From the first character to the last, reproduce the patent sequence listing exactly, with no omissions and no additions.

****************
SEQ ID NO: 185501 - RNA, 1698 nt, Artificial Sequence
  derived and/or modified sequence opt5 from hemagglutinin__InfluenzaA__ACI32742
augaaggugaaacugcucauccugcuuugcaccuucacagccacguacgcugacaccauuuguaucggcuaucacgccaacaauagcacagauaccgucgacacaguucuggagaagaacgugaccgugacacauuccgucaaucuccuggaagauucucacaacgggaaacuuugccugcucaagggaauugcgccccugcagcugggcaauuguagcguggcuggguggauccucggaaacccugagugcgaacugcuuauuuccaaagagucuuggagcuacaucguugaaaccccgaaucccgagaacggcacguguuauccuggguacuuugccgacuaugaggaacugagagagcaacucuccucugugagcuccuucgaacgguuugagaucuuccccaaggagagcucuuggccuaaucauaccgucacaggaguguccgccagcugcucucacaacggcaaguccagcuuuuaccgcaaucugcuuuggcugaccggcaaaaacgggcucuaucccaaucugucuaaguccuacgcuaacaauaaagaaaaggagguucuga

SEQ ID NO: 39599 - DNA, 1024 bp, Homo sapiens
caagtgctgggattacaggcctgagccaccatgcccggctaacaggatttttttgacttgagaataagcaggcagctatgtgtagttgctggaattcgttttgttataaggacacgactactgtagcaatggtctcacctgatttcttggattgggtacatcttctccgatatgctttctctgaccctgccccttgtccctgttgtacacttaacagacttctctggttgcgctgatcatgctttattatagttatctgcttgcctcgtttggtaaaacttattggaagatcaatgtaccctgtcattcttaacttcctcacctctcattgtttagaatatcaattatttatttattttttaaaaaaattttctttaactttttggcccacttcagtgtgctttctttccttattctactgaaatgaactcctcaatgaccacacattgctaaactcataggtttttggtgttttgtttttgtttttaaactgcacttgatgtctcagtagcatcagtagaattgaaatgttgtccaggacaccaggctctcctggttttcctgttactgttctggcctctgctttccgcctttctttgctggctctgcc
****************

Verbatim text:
SEQ ID NO: 185501 - RNA, 1698 nt, Artificial Sequence
  derived and/or modified sequence opt5 from hemagglutinin__InfluenzaA__ACI32742
augaaggugaaacugcucauccugcuuugcaccuucacagccacguacgcugacaccauuuguaucggcuaucacgccaacaauagcacagauaccgucgacacaguucuggagaagaacgugaccgugacacauuccgucaaucuccuggaagauucucacaacgggaaacuuugccugcucaagggaauugcgccccugcagcugggcaauuguagcguggcuggguggauccucggaaacccugagugcgaacugcuuauuuccaaagagucuuggagcuacaucguugaaaccccgaaucccgagaacggcacguguuauccuggguacuuugccgacuaugaggaacugagagagcaacucuccucugugagcuccuucgaacgguuugagaucuuccccaaggagagcucuuggccuaaucauaccgucacaggaguguccgccagcugcucucacaacggcaaguccagcuuuuaccgcaaucugcuuuggcugaccggcaaaaacgggcucuaucccaaucugucuaaguccuacgcuaacaauaaagaaaaggagguucuga

SEQ ID NO: 39599 - DNA, 1024 bp, Homo sapiens
caagtgctgggattacaggcctgagccaccatgcccggctaacaggatttttttgacttgagaataagcaggcagctatgtgtagttgctggaattcgttttgttataaggacacgactactgtagcaatggtctcacctgatttcttggattgggtacatcttctccgatatgctttctctgaccctgccccttgtccctgttgtacacttaacagacttctctggttgcgctgatcatgctttattatagttatctgcttgcctcgtttggtaaaacttattggaagatcaatgtaccctgtcattcttaacttcctcacctctcattgtttagaatatcaattatttatttattttttaaaaaaattttctttaactttttggcccacttcagtgtgctttctttccttattctactgaaatgaactcctcaatgaccacacattgctaaactcataggtttttggtgttttgtttttgtttttaaactgcacttgatgtctcagtagcatcagtagaattgaaatgttgtccaggacaccaggctctcctggttttcctgttactgttctggcctctgctttccgcctttctttgctggctctgcc